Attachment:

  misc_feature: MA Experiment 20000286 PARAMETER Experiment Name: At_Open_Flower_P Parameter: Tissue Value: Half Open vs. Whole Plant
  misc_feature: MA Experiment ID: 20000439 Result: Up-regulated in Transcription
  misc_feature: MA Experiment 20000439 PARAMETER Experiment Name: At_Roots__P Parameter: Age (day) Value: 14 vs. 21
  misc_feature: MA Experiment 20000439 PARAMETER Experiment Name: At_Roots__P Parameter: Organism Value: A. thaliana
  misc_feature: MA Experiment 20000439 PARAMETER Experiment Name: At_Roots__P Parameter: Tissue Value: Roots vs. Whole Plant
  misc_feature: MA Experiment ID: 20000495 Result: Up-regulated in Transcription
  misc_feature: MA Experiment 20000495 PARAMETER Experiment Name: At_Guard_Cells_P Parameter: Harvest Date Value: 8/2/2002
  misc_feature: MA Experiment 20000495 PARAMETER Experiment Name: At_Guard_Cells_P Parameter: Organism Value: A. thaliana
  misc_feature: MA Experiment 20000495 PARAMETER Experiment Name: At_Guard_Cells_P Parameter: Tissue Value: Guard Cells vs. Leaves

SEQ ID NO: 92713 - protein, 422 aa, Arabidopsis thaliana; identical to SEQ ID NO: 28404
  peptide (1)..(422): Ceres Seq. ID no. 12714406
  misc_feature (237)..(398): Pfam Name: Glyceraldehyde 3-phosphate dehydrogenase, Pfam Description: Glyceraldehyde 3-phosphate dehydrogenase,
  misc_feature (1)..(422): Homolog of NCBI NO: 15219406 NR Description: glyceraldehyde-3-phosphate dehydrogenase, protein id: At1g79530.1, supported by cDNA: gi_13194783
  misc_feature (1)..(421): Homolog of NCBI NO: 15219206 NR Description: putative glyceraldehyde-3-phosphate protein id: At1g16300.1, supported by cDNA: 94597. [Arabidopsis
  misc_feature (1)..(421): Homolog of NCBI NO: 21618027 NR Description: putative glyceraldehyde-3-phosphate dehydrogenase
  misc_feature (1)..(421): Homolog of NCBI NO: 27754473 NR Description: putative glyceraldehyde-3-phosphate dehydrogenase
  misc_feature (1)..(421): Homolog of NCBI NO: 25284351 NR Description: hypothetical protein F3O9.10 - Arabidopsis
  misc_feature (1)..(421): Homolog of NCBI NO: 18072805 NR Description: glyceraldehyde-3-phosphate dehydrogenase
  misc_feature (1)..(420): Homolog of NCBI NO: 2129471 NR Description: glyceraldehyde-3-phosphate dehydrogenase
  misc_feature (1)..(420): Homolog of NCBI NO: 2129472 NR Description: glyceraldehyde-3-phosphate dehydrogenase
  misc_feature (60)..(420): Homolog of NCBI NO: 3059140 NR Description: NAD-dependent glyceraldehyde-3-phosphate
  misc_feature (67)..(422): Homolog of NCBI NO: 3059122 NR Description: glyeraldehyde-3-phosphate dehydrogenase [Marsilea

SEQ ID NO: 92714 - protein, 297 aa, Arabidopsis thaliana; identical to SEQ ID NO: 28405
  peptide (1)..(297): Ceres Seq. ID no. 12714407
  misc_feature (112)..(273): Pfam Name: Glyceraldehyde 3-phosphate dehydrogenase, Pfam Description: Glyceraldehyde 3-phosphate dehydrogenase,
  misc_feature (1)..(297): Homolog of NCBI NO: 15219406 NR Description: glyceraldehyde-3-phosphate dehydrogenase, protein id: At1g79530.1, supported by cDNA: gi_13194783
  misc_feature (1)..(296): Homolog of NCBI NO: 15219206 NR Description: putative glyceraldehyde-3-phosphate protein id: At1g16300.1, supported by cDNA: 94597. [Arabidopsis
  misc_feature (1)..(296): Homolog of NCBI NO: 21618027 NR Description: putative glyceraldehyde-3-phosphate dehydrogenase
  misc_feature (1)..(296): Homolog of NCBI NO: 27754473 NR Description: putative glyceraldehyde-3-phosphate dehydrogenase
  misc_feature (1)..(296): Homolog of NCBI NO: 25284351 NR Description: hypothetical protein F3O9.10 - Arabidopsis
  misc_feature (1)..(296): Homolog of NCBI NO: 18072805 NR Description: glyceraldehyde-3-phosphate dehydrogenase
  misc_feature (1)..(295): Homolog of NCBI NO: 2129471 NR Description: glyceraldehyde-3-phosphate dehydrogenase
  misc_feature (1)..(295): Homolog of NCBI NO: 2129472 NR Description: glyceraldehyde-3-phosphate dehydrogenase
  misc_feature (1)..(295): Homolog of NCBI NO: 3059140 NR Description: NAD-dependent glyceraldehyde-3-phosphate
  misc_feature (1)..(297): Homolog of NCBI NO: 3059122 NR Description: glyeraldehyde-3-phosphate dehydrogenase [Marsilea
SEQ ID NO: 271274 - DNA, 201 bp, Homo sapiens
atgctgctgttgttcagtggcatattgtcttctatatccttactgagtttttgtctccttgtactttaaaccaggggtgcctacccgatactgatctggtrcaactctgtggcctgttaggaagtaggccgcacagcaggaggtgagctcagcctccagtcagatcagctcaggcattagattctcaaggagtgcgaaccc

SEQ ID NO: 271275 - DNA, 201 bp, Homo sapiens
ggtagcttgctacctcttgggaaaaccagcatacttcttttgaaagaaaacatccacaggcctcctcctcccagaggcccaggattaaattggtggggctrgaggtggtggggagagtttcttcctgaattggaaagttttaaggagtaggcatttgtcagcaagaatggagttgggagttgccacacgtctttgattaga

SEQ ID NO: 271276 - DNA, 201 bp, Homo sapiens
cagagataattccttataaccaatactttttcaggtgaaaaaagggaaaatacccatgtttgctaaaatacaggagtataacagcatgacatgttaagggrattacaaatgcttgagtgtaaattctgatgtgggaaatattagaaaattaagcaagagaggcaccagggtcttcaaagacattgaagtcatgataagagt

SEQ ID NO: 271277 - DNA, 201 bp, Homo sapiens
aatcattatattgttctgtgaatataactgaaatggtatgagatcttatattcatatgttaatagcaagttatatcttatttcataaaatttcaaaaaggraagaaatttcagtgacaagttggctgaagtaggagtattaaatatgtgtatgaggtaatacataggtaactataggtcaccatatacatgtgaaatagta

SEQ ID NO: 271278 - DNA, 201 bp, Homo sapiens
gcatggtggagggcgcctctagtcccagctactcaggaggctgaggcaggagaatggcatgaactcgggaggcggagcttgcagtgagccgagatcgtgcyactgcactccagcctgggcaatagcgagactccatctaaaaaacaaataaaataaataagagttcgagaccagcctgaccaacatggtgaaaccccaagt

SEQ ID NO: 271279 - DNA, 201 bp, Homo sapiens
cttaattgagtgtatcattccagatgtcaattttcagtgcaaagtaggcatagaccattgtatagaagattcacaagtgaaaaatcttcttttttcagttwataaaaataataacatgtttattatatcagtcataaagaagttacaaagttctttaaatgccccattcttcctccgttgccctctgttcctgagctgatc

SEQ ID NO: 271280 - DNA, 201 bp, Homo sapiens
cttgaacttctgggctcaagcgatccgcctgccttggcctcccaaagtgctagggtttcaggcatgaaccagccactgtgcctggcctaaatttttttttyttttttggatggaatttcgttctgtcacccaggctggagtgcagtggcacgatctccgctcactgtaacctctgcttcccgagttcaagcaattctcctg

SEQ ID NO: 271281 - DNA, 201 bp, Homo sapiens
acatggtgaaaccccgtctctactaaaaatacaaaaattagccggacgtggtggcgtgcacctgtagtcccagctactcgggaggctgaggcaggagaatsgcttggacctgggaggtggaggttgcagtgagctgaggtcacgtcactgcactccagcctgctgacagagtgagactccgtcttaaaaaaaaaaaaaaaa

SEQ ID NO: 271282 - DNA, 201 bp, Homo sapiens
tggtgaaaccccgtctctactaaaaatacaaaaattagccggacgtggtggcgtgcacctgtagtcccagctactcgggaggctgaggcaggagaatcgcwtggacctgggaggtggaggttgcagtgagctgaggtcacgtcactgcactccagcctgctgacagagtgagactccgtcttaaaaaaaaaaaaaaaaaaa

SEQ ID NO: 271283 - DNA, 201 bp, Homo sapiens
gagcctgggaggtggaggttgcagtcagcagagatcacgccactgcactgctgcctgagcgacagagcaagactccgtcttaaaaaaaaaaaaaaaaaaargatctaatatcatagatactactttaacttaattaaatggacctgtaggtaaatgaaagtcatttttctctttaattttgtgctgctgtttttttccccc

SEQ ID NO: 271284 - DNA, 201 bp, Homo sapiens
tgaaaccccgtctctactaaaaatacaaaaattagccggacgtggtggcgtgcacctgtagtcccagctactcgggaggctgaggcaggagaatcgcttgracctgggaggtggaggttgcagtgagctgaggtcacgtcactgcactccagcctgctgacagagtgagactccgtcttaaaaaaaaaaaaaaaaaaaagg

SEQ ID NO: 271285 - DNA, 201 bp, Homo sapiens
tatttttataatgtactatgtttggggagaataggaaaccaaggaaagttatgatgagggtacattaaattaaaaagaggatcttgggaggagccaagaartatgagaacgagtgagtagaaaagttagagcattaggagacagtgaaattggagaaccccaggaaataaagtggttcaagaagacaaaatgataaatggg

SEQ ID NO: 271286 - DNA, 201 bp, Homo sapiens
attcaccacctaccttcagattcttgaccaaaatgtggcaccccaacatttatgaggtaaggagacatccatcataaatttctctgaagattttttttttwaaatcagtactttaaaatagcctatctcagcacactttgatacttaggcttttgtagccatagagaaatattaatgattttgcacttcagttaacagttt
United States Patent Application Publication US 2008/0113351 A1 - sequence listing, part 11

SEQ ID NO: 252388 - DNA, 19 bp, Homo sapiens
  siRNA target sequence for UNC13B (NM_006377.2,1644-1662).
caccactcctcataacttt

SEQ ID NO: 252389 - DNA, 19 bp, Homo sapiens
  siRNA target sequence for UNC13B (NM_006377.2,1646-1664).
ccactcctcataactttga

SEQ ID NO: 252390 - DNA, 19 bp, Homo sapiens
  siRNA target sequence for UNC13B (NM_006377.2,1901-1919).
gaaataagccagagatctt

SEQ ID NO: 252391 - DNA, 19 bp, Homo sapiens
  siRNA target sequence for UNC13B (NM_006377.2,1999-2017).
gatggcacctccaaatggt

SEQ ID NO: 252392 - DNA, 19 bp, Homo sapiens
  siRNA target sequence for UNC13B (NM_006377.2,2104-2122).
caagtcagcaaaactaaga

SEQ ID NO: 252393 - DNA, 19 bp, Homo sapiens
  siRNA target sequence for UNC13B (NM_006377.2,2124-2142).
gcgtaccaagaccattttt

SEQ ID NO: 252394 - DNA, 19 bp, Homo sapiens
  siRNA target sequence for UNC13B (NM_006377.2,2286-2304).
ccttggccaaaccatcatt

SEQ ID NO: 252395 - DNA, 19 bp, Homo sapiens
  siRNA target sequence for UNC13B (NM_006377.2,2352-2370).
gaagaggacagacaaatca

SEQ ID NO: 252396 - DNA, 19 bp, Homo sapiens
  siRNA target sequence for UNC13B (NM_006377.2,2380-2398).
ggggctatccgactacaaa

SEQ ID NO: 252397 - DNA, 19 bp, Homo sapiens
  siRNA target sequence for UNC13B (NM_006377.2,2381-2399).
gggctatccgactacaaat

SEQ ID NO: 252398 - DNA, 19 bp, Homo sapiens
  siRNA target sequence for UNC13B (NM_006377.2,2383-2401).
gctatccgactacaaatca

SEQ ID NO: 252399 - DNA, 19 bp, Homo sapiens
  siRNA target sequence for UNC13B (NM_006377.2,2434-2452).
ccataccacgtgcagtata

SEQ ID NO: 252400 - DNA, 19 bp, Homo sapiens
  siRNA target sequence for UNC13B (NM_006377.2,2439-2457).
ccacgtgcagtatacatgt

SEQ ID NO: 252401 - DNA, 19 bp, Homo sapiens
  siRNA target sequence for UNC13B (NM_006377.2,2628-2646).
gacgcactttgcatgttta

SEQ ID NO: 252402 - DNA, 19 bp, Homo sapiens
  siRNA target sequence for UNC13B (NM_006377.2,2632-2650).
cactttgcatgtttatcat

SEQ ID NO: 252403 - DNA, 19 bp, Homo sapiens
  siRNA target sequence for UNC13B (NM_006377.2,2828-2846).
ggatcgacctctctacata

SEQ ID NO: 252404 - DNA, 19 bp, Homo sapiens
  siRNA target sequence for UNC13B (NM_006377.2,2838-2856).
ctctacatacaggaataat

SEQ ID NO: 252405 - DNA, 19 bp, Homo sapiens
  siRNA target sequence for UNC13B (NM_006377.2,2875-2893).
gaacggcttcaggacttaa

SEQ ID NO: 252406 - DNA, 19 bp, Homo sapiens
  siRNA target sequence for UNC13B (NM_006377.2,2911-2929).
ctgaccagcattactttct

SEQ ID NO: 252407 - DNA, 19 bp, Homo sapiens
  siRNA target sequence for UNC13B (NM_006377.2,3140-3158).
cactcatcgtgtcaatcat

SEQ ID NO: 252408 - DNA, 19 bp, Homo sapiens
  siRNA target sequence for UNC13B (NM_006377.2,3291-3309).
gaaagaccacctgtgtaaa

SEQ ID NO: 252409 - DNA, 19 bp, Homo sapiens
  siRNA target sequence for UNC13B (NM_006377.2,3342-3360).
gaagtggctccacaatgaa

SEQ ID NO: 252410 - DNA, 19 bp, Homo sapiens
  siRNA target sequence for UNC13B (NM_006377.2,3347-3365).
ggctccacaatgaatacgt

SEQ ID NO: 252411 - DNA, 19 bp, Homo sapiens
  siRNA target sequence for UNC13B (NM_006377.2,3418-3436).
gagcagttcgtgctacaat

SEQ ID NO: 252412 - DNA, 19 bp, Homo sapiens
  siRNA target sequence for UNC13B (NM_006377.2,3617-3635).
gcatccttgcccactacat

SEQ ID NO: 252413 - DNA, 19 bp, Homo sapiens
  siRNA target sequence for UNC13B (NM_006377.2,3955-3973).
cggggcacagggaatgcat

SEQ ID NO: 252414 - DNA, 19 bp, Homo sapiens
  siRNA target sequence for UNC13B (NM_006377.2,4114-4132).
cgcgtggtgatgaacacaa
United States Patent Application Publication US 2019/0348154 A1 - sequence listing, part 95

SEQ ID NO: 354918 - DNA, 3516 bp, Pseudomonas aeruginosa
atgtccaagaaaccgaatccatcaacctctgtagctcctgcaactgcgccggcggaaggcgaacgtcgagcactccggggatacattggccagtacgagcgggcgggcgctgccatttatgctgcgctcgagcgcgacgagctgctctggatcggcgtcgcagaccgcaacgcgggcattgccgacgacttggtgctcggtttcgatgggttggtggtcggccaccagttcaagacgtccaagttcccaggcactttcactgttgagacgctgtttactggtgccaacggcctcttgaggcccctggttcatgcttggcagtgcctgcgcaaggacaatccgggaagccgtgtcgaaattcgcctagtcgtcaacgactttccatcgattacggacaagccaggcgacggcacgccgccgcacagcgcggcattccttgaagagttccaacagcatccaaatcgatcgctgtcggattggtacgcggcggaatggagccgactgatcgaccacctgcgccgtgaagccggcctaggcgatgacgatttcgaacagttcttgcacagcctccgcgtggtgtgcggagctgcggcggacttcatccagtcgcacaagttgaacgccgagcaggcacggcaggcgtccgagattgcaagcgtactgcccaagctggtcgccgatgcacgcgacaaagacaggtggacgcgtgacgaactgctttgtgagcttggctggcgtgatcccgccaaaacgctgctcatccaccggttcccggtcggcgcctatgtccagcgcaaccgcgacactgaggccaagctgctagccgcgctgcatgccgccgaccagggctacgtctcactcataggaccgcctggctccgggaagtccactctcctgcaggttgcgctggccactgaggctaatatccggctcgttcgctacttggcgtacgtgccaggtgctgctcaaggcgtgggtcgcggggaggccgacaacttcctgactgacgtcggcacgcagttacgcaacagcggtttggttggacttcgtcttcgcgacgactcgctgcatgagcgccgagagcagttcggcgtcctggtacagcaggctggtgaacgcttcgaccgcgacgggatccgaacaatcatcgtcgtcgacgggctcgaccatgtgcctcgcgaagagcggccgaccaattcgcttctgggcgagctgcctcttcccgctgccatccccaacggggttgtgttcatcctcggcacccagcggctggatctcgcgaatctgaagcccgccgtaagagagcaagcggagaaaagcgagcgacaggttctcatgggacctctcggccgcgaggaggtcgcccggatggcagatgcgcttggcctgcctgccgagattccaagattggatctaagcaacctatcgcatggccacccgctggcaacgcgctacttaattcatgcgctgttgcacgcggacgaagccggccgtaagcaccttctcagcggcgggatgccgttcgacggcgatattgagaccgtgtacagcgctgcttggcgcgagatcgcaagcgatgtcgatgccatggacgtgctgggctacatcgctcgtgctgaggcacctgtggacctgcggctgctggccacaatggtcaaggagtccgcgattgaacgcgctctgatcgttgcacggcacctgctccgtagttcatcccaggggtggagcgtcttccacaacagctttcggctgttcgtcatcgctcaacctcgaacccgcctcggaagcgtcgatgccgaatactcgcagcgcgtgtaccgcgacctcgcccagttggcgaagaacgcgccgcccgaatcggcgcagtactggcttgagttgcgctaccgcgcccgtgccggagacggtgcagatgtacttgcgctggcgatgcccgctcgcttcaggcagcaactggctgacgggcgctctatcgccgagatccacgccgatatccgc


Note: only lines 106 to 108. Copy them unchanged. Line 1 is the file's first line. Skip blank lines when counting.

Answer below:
  siRNA target sequence for UNC13B (NM_006377.2,2632-2650).
cactttgcatgtttatcat

SEQ ID NO: 252403 - DNA, 19 bp, Homo sapiens